New Orleans In the wake of the massacre at San Bernardino using military grade assault rifles among other weapons, once again some folks are hoping there will be a movement towards more sensible regulation of these kinds of guns at the least. Others were heartened when the Supreme Court declined to hear an appeal on regulations by a community in Illinois that named and shamed certain guns, including these types of assault weapons, in a local ordinance, thereby letting the ban stand.
The Supreme Court has refused to handle lawsuits challenging federal, state, or local gun regulation 70 different times since 2008. Who can tell with the Roberts’ Court, but the implicit message seems to be that if citizens have the will to regulate in other jurisdictions from local communities to states to even the federal government, then the current court is not inclined to get into the mess and turn the tables over on a specious Second Amendment claim.
Social Policy Press is preparing to release Guns and Kids: Can We Stop the Carnage by legal scholar Frank Strier, an emeritus professor at California State. We’ll be talking about this more, but Professor Strier cautions that handguns not assault guns are 99.9% of the issue, when it comes to deaths in this area.
The problem for the President and for many working in the echo chamber where only your own voice can be heard without engaging others is that the ideological and practical gulf between citizens is huge on this issue. I was reminded of this in a brief, pre-dawn conversation with one of my brothers-in-law, who I deeply admire and respect in all things, recently when we stumbled on this issue where our shared outrage at the San Bernardino shooting led us to a frustrated stalemate on what should be done in my view or not done in his opinion.
A long email from a listener named Shawn Buffalo to a KABF on-the-air discussion recently spelled out clearly the gulf that must be bridged as well, as he wrote me,
…the two men speaking were talking about how gun rights should be revoked and how hunters don’t need assault weapons. Hunters don’t need them. Citizens do need them to defend against unjust government hostility and even more if our government ever did go outside the peoples will. I surely don’t believe this will happen, but I can’t guarantee it. I don’t own any assault weapons or fire arms. It’s the principle that citizens can arm if needed. Then they said that if this was passed, people wouldn’t be able to buy them. What store do we buy meth at again? Oh, we can’t get it at a store because it’s illegal. Glad we solved that issue. I didn’t post that I am a recipient of the CIB and Valor device for heroism while in combat during one of my tours in Iraq. I trained Iraq Soldiers. I have more than 5 years in deployment between Afghan and Iraq. We never trained ISIS to combat anyone and we never trained the Taliban in Afghan. Both of these actions were stated on this show. Insulted is the only word I know to describe my state of mind after hearing these men talk. Both of these groups need to be engaged in a manner that locates all their elements, fixing there position and then killing them or forcing their unconditional surrender.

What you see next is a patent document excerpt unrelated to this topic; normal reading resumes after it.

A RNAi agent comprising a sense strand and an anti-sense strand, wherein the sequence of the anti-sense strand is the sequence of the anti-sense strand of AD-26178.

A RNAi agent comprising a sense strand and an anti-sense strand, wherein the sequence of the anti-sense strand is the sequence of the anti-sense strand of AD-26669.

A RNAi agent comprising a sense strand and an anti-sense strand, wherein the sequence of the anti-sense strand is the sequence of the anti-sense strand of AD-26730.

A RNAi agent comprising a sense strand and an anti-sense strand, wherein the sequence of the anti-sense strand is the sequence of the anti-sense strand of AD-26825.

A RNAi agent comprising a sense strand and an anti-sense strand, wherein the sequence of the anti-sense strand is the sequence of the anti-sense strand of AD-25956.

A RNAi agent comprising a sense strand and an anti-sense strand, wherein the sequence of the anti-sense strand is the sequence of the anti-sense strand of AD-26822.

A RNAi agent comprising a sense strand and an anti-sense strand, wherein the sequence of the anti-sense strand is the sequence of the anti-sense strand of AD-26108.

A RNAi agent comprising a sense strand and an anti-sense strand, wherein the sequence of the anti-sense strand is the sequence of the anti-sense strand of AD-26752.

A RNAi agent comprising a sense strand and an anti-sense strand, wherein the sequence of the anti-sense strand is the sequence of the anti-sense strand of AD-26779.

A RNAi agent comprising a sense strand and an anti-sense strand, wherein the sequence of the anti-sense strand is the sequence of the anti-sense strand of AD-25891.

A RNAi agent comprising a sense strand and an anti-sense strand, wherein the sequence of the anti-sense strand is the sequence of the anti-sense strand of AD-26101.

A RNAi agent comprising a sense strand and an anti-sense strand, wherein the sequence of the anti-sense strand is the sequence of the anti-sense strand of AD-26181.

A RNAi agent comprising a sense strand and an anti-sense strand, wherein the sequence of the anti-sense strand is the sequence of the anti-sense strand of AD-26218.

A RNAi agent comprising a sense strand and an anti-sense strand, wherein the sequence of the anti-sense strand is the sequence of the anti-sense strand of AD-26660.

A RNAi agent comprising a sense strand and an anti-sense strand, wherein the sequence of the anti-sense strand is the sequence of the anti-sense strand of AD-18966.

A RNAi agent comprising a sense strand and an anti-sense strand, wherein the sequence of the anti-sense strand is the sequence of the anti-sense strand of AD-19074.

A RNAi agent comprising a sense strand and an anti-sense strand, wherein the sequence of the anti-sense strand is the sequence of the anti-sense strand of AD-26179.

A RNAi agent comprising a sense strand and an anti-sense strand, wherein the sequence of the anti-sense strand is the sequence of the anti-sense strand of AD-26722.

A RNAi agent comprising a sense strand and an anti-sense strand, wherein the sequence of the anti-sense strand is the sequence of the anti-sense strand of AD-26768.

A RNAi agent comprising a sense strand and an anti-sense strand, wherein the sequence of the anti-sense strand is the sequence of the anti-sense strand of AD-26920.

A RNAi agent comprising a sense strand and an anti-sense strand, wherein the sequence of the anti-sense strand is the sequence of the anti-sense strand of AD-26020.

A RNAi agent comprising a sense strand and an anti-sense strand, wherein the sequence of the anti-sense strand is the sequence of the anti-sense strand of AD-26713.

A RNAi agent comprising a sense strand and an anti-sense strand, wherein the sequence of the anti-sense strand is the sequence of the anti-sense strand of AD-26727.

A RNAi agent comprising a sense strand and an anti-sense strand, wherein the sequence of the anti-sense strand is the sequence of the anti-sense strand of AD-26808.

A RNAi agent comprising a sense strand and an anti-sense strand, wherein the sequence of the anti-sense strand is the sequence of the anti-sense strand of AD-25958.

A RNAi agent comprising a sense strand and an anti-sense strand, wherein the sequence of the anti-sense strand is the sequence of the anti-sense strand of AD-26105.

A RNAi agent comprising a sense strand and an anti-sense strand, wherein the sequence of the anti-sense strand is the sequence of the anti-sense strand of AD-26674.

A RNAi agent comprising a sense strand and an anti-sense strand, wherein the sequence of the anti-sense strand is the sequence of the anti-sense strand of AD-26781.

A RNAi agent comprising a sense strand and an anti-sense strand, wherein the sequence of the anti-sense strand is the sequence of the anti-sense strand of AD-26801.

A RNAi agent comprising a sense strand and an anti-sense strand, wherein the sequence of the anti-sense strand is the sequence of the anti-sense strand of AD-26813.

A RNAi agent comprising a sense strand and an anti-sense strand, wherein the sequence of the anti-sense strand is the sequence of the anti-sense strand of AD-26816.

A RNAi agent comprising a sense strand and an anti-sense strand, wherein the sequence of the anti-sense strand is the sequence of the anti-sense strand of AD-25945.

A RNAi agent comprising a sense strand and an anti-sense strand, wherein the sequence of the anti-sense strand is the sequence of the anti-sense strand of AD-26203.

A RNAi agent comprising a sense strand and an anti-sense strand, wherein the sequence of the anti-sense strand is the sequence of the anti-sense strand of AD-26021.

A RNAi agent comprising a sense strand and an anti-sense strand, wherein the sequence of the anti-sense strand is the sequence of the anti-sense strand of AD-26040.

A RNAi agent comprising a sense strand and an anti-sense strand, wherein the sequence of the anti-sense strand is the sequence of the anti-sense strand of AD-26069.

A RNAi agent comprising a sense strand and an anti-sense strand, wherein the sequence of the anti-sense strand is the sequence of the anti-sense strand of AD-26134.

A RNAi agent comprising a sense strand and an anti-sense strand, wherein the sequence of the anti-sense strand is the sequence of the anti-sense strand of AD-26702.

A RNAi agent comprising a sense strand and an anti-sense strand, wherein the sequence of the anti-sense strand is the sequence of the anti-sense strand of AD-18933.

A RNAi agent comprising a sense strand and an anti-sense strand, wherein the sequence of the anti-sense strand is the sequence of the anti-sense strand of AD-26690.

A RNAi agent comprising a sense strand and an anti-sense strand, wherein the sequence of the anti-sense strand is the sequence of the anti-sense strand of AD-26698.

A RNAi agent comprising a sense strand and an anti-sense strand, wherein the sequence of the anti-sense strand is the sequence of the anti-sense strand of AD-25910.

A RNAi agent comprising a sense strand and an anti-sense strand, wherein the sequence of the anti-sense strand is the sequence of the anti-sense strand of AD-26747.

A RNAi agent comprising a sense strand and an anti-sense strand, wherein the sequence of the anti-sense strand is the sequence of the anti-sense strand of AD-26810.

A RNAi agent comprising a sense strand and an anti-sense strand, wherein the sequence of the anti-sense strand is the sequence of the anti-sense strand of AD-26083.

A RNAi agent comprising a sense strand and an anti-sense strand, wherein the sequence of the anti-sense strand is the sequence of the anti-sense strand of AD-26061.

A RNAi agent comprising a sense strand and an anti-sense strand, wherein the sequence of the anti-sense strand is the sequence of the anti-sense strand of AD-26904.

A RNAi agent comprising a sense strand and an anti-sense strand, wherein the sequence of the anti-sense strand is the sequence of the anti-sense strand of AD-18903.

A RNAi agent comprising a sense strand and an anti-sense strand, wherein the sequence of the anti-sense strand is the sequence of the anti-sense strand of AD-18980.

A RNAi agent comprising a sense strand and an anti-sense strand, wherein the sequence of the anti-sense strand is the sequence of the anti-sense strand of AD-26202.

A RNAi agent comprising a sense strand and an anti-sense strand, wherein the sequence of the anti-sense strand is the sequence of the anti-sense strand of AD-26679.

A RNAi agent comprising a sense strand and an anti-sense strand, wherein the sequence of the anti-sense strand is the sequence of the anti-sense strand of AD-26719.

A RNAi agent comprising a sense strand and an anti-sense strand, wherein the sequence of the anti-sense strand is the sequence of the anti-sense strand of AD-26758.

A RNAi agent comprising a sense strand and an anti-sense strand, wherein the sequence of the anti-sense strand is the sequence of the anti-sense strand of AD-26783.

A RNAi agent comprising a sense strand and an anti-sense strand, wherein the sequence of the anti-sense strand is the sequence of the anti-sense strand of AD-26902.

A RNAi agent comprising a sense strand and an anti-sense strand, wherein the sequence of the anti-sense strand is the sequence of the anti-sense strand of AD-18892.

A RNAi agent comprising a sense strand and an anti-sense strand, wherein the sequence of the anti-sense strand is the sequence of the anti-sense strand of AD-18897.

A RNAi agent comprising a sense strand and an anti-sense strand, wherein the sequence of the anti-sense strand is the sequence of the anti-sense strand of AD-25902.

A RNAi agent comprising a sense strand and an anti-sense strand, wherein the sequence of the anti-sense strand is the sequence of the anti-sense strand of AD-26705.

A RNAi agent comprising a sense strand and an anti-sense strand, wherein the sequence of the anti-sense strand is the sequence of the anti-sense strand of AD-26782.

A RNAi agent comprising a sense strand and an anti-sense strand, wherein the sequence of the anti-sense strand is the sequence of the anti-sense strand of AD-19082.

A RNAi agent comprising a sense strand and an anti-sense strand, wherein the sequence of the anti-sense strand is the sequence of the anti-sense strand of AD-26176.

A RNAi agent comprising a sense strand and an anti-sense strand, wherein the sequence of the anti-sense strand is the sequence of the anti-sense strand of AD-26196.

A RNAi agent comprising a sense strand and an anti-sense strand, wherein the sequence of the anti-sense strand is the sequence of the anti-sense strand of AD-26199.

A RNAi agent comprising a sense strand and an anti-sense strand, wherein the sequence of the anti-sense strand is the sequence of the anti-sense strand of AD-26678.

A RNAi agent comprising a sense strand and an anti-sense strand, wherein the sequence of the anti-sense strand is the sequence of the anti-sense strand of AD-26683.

Anyone, anywhere, anytime who thinks the issues of guns and gun control can be solved easily needs to get out of their own cocoon and talk to somebody or almost anybody and measure the distance in the discussion on this critical, life-and-death issue. It won’t be just leadership and compromise that gets us to a better, safer place, but listening and learning to search for solution together.